Reedbeds and reflections…

River Wensum at Sculthorpe Nature Reserve © Mari French 2017

River Wensum at Sculthorpe Moor Nature Reserve © Mari French 2017


Delighted to discover a new reedbeds landscape this week, this time at Sculthorpe Moor Nature Reserve, just outside Fakenham. It’s only 8 miles from my home but although I was aware of it, I haven’t visited before (a mistake), as I normally head for the north Norfolk coast and the saltmarshes and reedbeds there. 

Sunday was a blustery and changeable early spring day, with scudding clouds and more bright sunshine as the day unfolded. The reserve is larger than I thought with extensive winding boardwalks providing comfortable and easy exploration. Lots of benches too. I had my camera with me but no sketchbook, which I’m going to put right on my next visit (soon). 

Untitled. Mixed-media on paper © Mari French 2017

Untitled. Mixed-media on paper © Mari French 2017

Birches embracing, Sculthorpe Moor © Mari French 2017

Birches embracing © Mari French 2017

Mere and reedbeds, Sculthorpe Moor © Mari French 2017

Mere and reedbeds, Sculthorpe Moor © Mari French 2017

Reflections and bridge, Sculthorpe Moor © Mari French 2017

Reflections and bridge, Sculthorpe Moor © Mari French 2017


I loved the variety of habitat – white birch trunks standing out against the furze of woodland, the meandering river Wensum, its banks lined with pollarded willow, catkins already out, reedbeds and open meres (with great views from several hides). Lots of birdsong, which you’d expect in spring in a place popular with birdwatchers. Speaking of which, the peace and quiet was more noticeable and welcome given that any visitors encountered were talking fairly quietly being there mainly for the birds and wildlife.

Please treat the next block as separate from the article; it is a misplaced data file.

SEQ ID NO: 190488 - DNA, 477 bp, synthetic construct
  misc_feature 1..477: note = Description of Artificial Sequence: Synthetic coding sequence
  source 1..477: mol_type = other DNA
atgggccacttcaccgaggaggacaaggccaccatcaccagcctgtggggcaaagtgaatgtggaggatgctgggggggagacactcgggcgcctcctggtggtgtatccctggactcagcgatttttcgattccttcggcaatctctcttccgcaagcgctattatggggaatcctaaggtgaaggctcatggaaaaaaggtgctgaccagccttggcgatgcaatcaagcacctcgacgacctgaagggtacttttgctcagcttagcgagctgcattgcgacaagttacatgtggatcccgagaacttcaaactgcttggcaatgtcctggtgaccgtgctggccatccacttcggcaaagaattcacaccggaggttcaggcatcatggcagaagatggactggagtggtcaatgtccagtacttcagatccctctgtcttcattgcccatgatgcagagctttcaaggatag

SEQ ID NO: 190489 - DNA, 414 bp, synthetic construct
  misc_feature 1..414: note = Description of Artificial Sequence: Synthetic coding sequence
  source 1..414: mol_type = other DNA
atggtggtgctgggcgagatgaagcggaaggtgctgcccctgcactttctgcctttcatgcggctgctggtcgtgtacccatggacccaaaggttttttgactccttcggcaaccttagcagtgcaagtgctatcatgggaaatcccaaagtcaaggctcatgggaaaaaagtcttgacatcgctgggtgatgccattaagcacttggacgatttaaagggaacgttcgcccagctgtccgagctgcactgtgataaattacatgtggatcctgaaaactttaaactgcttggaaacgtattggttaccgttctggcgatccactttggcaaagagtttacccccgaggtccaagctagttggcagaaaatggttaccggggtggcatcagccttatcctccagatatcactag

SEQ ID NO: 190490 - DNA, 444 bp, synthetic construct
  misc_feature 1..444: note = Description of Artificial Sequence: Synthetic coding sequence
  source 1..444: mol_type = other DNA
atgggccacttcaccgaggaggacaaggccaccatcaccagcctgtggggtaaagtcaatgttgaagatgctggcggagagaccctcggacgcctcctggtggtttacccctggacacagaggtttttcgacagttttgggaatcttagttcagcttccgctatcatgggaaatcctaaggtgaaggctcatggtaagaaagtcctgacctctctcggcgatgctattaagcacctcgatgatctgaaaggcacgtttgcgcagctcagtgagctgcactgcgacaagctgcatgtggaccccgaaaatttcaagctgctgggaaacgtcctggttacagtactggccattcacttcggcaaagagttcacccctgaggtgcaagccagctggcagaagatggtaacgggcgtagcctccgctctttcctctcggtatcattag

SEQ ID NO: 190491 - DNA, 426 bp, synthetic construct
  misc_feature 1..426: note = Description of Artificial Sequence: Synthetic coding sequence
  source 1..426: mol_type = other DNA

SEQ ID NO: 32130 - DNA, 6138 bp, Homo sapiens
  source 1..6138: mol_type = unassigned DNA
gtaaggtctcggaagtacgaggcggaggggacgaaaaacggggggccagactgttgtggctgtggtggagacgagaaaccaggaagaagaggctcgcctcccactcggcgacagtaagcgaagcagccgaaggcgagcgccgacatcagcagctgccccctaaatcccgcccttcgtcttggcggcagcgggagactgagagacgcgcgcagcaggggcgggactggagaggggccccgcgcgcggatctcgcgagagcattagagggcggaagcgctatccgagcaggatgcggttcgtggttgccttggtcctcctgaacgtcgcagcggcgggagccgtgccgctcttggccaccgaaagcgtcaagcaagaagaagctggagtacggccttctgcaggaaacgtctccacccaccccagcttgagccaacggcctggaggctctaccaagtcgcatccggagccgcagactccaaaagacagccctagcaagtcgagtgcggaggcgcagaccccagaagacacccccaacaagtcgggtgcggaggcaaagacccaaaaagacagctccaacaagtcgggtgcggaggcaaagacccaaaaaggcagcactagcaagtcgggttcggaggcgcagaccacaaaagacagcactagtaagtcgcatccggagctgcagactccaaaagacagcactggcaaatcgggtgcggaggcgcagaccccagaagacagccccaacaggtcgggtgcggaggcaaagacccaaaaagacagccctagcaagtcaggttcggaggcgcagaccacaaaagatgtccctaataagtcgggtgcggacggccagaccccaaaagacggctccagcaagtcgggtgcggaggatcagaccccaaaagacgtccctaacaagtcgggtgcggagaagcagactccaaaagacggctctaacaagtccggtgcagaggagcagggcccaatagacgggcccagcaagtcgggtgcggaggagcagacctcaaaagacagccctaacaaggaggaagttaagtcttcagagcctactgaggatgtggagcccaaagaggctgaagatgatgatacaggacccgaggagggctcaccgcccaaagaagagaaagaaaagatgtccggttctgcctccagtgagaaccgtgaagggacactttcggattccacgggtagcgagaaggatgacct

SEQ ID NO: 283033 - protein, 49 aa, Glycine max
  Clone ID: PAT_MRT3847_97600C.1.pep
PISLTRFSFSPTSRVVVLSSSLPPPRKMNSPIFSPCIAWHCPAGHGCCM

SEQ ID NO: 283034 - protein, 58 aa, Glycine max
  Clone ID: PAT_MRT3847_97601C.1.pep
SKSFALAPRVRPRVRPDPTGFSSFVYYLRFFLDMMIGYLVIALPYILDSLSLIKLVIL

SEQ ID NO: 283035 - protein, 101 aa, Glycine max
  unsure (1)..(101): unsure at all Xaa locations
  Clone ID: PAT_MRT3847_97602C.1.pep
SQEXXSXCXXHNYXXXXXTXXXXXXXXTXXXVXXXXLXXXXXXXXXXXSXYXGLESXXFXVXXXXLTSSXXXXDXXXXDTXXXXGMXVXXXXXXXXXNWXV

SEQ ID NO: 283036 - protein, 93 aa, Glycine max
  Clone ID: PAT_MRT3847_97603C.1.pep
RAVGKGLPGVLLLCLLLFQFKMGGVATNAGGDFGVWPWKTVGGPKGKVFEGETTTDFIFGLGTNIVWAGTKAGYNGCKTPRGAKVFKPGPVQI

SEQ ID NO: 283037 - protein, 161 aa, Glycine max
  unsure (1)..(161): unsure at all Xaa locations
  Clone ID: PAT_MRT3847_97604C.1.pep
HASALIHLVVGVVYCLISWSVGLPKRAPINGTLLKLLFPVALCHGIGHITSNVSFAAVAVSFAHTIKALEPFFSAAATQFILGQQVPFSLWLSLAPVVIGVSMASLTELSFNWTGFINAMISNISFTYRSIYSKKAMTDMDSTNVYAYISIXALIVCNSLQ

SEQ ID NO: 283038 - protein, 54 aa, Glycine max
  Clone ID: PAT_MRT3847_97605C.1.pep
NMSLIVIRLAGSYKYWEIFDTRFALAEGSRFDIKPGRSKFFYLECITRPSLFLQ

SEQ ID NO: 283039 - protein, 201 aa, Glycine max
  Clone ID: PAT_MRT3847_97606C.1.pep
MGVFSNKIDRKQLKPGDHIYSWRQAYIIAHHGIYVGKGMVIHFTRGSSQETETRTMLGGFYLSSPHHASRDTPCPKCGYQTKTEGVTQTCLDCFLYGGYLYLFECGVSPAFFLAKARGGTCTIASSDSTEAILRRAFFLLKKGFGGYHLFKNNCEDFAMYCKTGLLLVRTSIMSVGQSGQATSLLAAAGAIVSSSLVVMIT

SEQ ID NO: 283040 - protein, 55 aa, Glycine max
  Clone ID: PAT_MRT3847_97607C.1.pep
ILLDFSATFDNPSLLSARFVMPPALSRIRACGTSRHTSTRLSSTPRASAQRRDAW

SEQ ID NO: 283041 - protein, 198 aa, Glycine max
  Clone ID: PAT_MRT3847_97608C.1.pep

Untitled. Mixed-media on paper © Mari French 2017

Untitled. Mixed-media on paper © Mari French 2017


Movement of wind in the reeds and bulrushes, sparkling sun on the water, movement of branches, reflections, fenceposts punctuating the reedbeds … these obviously all fed into my subconscious because a few days later in the studio, after some experimental markmaking, I produced these mixed media on paper pieces, which I’m rather excited by! (And yes, I did see some interesting birds).

thinking ink…

Having fallen behind with posts last couple of months, I’ve a fair bit of catching up to do. These are my latest playing around pieces, with inks, carried out in a rather cold studio this month.

The first two below also use paint pens, ink pencil and acrylic paint.

Untitled. © Mari French 2016

Untitled. © Mari French 2016

img_0383

Untitled. © Mari French 2016

I already use acrylic ink in liquid, pencil and block form in my mixed-media pieces, but I bought a few of the new Muted range of Liquitex acrylic inks recently and enjoyed experimenting with them. I did find that, for me, the muted ‘grey’ (purple really) and the muted violet (purple) need to be combined with other colours to bring out their beauty, but they’ve increased my arsenal so I’m happy. I also got the muted turquoise, which isn’t that muted and a bit garish for me, but never mind.

Winter, saltmarsh. © Mari French 2016

Winter, saltmarsh. © Mari French 2016

Oh, and they also mix successfully with acrylic paint too.

too hot, but painting anyway…

Sea lavender and marsh pools

Sea lavender and marsh pools © Mari French 2016

It didn’t take long for last week’s sketching inspiration at Thornham Saltmarsh (see my previous post Seeing purple) to find its way to my easel.

I really didn’t feel like going into the studio today, it was so hot (around 28 to 30c). I’m no good with heat (before those who live in really hot countries object!). The studio is in a hayloft, basically the roof space above an old stables, rustic, interesting, but baking today. Anyway, bearing in mind one famous artist’s wise advice (possibly Louise Bourgeois) to make yourself go into the studio even when you really don’t want to, in I went.

Glad I did now. Just painted for a couple of hours before lunch, but once I’d decided on this palette of sludgy purple and bronze, the rest followed. It may need a bit more work yet, but I’m feeling positive about it and enjoying this slightly different colour combination. The piece is painted in acrylics, with oil pastel and Inktense pencil scribbled into it.

 

Sea lavender and coal barn, Thornham Saltmarsh. © Mari French 2016

Sea lavender and coal barn, Thornham Saltmarsh. © Mari French 2016